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B.A. Johnston performing “I Miss the Pig Ear’s Tavern” at the Gordon Best Theatre | Photo Credit: David King

B.A. Johnston Picks Up After Himself

Written by
David King
and
and
November 2, 2022
B.A. Johnston Picks Up After Himself
B.A. Johnston performing “I Miss the Pig Ear’s Tavern” at the Gordon Best Theatre | Photo Credit: David King

A lot has changed for B.A. Johnston since Arthur last checked in on him. As the world opens back up and the bars refill, his latest tour puts him back where he belongs, rolling around in cheap beer on venue floors. Johnston fulfils a niche that few would expect Canadiana to look like, soaring over the Stompin’ Toms and Randy Bachmans of our past, and landing in some future realm, unknown to most of us.

“A Toast to B.A. Johnston,” our last piece that featured Ol’ B.A., illustrated a period of uncertainty for the musician, whose career thrives on sweaty performances, unromanticized lyricism, and baton-wielding. Since that interview, a couple of keystone moments for B.A. have changed his trajectory for the better: His latest album, Werewolves of London, ON was released on June 3rd of this year, rating itself “C for Chud,” and his back-to-back tours landed him not once, but twice in Peterborough in 2022.

I’ve been a B.A. fan since his first stint in the Captain’s Courtyard this summer, living vicariously through his rotund figure rolling in the gravel backlot of Spanky’s, soaked in beer, sweat, and body odour. I remember being one of a four-man mosh pit, throwing ourselves around to the beloved anthem “We’re All Going To Jail (Except Pete, He’s Gonna Die)” as he ran around, forcing semi-willing patrons’ drinks down their gullets. 

A Hamilton transplant and Trent alum, B.A. has become an unlikely folk hero here in NOGO/PTBO, epitomizing a soiled, platonic ideal of a Peterborough man; an unyielding, portly, Lindsay-hating presence, commanding the attention of all who unwillingly witness him in his Wolfman Jack yowl. 

On the eve of October 14, the Gordon Best Theatre was packed floor-to-rafter as B.A Johnston swaggered onto the stage to the tune of Warren Zevon’s Werewolves of London, sparklers alight on the approach, ripping off the pants of his dirty tracksuit to reveal a disgusting pair of galaxy leggings. 

As the night continued to come off its hinge, it became clear that B.A. has a method to his madness. He tore his windbreaker asunder to reveal a series of unwashed shirts, one with Charlie Sheen’s face, a caption to its left saying “Im Winning,” an oasis after countless  layers of his classic “What You Starin’ At, Dickhead?” shirt. With every reveal, I yell “show us your tits!” even louder, because the objectification of the male physique is definitely warranted with B.A. his glistening form leaving an unidentifiable residue on my hand after I give him a pat on the back. 

Johnston’s catalogue boasts a variety of heartfelt ballads, such as “I Miss the Pig’s Ear Tavern” and “Grease Lullaby,” and rabble-rousing bangers like “Alley Beers” and “I Don’t Buy No Government Weed (Still Buying from Steve)” that get the crowd’s fists a-swinging. No mosh pit at this show, however, since the Gordo’s floors probably won’t be able to handle it, but the energy was absolutely there, the crowd singing along wholeheartedly to almost every song B.A. plays.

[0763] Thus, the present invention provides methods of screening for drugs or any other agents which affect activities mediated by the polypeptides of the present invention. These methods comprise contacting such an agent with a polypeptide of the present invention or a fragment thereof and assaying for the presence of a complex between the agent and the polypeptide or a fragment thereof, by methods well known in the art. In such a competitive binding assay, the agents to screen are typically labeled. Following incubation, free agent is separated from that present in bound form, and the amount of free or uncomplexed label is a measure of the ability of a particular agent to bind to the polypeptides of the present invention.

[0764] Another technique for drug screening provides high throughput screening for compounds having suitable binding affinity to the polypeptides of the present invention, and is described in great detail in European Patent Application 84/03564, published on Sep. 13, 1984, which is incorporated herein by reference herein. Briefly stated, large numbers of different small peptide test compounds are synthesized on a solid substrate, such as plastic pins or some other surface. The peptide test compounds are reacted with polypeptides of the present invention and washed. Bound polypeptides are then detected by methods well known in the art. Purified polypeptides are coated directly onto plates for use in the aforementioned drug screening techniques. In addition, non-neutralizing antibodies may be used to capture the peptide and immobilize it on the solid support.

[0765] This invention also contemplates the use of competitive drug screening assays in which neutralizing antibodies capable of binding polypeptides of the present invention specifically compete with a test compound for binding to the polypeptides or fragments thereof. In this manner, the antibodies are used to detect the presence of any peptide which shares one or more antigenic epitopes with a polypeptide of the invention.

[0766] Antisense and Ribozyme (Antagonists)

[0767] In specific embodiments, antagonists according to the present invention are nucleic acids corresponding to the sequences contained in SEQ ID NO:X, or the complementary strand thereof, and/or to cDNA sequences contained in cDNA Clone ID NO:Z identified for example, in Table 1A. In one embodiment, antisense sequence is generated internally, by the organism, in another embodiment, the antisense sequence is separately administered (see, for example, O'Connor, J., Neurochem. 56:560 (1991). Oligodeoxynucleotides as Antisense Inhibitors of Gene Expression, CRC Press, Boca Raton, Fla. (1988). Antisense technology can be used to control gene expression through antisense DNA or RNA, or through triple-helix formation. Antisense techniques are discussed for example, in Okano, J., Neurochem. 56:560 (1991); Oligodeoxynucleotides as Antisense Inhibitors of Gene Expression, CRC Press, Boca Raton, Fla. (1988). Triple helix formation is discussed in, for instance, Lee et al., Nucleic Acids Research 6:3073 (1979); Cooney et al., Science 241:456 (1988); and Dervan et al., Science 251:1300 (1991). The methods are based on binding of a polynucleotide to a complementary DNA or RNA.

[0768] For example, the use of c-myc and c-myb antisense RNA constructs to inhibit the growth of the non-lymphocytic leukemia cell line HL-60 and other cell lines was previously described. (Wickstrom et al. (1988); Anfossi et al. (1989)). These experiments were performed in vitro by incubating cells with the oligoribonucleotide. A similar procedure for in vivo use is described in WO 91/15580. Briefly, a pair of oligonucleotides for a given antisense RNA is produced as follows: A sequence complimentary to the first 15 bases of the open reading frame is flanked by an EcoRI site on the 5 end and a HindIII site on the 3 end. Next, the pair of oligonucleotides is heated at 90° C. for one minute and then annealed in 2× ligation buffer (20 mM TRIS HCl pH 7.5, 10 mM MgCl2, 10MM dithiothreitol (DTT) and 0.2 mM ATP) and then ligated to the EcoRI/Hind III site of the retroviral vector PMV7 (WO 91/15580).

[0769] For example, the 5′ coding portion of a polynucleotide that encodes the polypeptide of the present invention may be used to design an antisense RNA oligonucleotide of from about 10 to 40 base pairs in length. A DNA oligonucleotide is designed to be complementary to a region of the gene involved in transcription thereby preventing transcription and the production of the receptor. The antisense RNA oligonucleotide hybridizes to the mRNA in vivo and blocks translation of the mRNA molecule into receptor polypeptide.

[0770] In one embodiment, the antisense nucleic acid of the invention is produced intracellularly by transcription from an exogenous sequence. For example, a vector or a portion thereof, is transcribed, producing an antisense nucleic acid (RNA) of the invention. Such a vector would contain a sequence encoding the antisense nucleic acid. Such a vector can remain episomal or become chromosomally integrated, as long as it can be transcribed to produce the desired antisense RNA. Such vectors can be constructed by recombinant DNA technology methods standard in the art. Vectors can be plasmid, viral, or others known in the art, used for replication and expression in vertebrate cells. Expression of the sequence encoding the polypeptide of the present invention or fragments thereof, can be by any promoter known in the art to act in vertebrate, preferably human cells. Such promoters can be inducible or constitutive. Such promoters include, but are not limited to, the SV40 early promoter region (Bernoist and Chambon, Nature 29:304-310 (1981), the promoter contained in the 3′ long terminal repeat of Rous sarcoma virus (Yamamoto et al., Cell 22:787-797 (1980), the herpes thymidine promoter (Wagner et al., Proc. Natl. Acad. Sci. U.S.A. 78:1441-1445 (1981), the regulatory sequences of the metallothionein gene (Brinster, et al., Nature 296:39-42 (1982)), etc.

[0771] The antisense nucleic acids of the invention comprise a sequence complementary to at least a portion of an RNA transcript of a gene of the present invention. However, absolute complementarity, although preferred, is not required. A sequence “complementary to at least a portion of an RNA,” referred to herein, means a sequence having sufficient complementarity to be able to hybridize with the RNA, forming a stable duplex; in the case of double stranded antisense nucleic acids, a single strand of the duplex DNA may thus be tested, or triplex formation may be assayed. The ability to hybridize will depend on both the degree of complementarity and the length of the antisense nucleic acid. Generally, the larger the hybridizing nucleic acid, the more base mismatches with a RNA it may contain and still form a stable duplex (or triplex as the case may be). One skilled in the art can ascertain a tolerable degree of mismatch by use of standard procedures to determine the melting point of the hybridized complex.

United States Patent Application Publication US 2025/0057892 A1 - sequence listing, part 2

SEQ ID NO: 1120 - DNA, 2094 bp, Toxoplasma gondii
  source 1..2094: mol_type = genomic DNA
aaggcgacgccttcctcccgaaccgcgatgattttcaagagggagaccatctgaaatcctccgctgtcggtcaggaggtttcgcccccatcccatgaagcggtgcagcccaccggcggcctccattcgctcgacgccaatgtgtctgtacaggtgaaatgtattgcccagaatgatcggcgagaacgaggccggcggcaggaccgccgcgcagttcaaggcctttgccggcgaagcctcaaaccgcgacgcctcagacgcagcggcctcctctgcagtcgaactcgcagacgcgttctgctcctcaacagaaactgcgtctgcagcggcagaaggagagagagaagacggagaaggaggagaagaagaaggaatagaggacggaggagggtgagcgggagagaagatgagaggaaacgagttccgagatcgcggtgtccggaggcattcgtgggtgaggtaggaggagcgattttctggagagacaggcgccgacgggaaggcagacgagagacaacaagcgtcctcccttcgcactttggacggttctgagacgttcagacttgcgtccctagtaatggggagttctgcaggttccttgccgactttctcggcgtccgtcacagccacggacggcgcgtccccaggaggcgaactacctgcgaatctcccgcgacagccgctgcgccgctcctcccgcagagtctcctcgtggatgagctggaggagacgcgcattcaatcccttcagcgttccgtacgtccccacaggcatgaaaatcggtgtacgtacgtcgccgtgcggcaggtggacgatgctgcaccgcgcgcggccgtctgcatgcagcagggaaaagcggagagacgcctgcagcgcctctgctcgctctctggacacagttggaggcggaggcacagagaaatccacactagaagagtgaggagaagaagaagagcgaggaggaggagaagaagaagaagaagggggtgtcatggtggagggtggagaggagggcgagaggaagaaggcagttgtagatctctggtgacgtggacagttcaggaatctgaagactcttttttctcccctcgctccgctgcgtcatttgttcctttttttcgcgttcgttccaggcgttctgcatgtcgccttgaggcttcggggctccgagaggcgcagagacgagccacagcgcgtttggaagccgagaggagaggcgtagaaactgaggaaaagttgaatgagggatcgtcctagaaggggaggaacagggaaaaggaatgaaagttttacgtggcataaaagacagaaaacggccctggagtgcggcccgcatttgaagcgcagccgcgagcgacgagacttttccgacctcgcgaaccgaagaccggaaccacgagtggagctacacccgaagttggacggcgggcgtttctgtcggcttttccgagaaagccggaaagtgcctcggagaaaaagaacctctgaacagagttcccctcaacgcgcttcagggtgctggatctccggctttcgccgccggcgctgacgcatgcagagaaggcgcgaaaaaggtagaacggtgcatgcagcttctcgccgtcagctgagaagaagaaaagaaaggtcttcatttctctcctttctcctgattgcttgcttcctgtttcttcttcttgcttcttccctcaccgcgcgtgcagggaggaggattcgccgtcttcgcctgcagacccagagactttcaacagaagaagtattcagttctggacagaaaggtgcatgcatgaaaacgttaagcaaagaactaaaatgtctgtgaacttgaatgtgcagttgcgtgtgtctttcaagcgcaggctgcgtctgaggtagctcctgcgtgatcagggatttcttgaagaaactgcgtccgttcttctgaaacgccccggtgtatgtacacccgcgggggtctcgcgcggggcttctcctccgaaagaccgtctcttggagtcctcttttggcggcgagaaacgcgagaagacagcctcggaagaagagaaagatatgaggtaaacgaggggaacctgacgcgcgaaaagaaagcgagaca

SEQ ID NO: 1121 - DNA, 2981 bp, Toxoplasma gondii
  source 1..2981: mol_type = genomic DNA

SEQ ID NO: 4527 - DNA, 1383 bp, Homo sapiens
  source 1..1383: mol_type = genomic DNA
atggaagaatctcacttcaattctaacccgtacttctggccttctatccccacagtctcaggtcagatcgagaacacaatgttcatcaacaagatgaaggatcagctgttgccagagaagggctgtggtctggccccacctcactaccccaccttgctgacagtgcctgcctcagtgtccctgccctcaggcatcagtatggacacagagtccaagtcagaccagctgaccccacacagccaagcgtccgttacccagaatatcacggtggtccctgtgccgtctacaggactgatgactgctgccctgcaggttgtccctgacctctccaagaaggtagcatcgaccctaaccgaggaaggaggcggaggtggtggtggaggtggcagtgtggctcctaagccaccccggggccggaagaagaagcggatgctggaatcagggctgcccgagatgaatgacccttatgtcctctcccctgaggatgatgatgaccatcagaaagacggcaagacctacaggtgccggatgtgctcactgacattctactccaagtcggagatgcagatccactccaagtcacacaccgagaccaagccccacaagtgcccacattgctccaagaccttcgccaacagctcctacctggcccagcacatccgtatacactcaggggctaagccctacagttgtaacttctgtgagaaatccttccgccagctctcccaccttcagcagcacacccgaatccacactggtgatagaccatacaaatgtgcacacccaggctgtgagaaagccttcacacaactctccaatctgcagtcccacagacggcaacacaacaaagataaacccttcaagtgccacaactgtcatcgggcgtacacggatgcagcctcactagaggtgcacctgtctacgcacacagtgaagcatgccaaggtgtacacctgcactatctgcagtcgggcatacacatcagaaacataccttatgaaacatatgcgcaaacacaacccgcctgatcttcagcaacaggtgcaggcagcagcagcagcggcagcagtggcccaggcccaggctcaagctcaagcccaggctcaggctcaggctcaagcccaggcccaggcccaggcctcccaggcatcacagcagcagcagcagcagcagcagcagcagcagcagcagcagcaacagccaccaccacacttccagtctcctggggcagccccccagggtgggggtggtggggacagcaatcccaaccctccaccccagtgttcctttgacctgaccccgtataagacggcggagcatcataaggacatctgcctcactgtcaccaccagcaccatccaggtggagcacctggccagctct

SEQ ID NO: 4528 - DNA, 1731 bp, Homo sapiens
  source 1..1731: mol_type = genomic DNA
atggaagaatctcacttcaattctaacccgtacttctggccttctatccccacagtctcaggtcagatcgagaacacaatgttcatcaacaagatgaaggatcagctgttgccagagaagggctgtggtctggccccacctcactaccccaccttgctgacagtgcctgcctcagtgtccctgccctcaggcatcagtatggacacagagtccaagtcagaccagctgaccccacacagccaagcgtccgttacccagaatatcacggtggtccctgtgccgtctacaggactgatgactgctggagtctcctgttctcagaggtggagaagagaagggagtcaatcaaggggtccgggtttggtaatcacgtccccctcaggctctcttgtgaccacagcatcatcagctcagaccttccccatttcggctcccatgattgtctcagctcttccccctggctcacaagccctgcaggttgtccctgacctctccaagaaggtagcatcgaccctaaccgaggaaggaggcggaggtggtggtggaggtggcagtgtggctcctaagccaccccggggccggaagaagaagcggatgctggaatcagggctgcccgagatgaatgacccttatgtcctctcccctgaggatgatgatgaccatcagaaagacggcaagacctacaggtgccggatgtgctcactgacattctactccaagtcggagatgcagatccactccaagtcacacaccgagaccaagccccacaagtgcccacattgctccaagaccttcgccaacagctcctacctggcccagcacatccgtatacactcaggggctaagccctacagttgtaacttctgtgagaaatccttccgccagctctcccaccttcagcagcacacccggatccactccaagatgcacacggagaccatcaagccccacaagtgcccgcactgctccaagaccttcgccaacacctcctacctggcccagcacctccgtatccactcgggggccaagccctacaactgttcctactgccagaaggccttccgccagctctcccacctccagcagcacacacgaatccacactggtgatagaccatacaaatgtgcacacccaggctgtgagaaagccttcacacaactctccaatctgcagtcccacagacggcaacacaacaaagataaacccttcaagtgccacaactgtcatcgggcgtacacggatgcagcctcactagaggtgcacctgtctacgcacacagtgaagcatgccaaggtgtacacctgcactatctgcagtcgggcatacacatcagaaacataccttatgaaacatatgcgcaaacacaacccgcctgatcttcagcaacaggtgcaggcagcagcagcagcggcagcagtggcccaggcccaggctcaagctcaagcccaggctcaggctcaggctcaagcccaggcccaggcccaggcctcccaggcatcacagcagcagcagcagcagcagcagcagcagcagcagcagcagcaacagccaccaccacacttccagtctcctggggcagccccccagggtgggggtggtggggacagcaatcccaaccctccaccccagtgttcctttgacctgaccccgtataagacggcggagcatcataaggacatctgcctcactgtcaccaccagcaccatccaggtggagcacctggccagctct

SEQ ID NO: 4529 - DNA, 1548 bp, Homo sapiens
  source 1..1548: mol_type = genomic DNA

His crowd work is also something to behold, from crawling on hand-and-knee through people’s legs, to standing on the Gordo’s bar, crooning about how the price of patio beers is far too high for his liking. 

There was a real togetherness about the entire affair that was markedly different from the last B.A. show at Spanky’s, and it’s hard to believe such a stout, little man could become such a folk hero to these people, me included. The appeal of B.A. Johnston is attributed to his unveiling of a Canadiana unseen, the real life of Southern Ontarians in the spotlight finally, and his deep, profound love and respect for all its players, the rascals and Tim Horton's loiterers getting their long-awaited day in the sun. 

Outside of our media empire’s image of clean pure-heartedness is the inverse reality that we dwell in as working people; a salt-grit, passive-aggressive Canada, full of cultural obsessives of overly specific phenomena, mid-tier fast food, and bad prop comedy. Johnston gives us all of that in a grounding dose in the high times of a lowlife, Hawkins cheezies and alley beers included. It’s the very reason why he is so beloved in these parts: he’s not afraid to tell it as it is. He is real, and he embraces the reality of his life through his prolific discography, with all its lumps and warts. He sees the beauty in the everyday, the greasy and the profane; it’s everything Peterborough is, in its reluctance, yet he loves it all the same. We should follow this example, loving the one we are with.

As his tour winds down, he’ll eventually come back to Peterborough, and I’ll be ready. Hopefully, we’ll talk in person next time, sit down and discuss our commonality: this beautiful, disgusting little town that has moulded us into the beautiful, disgusting little men we are today. This is my personal invitation to you, B.A.: We shall have a chicken shawarma feast at one of the many George St. shawarma joints, and we will watch King of the Hill at my apartment afterward. It’ll be the perfect night. I await your reply.

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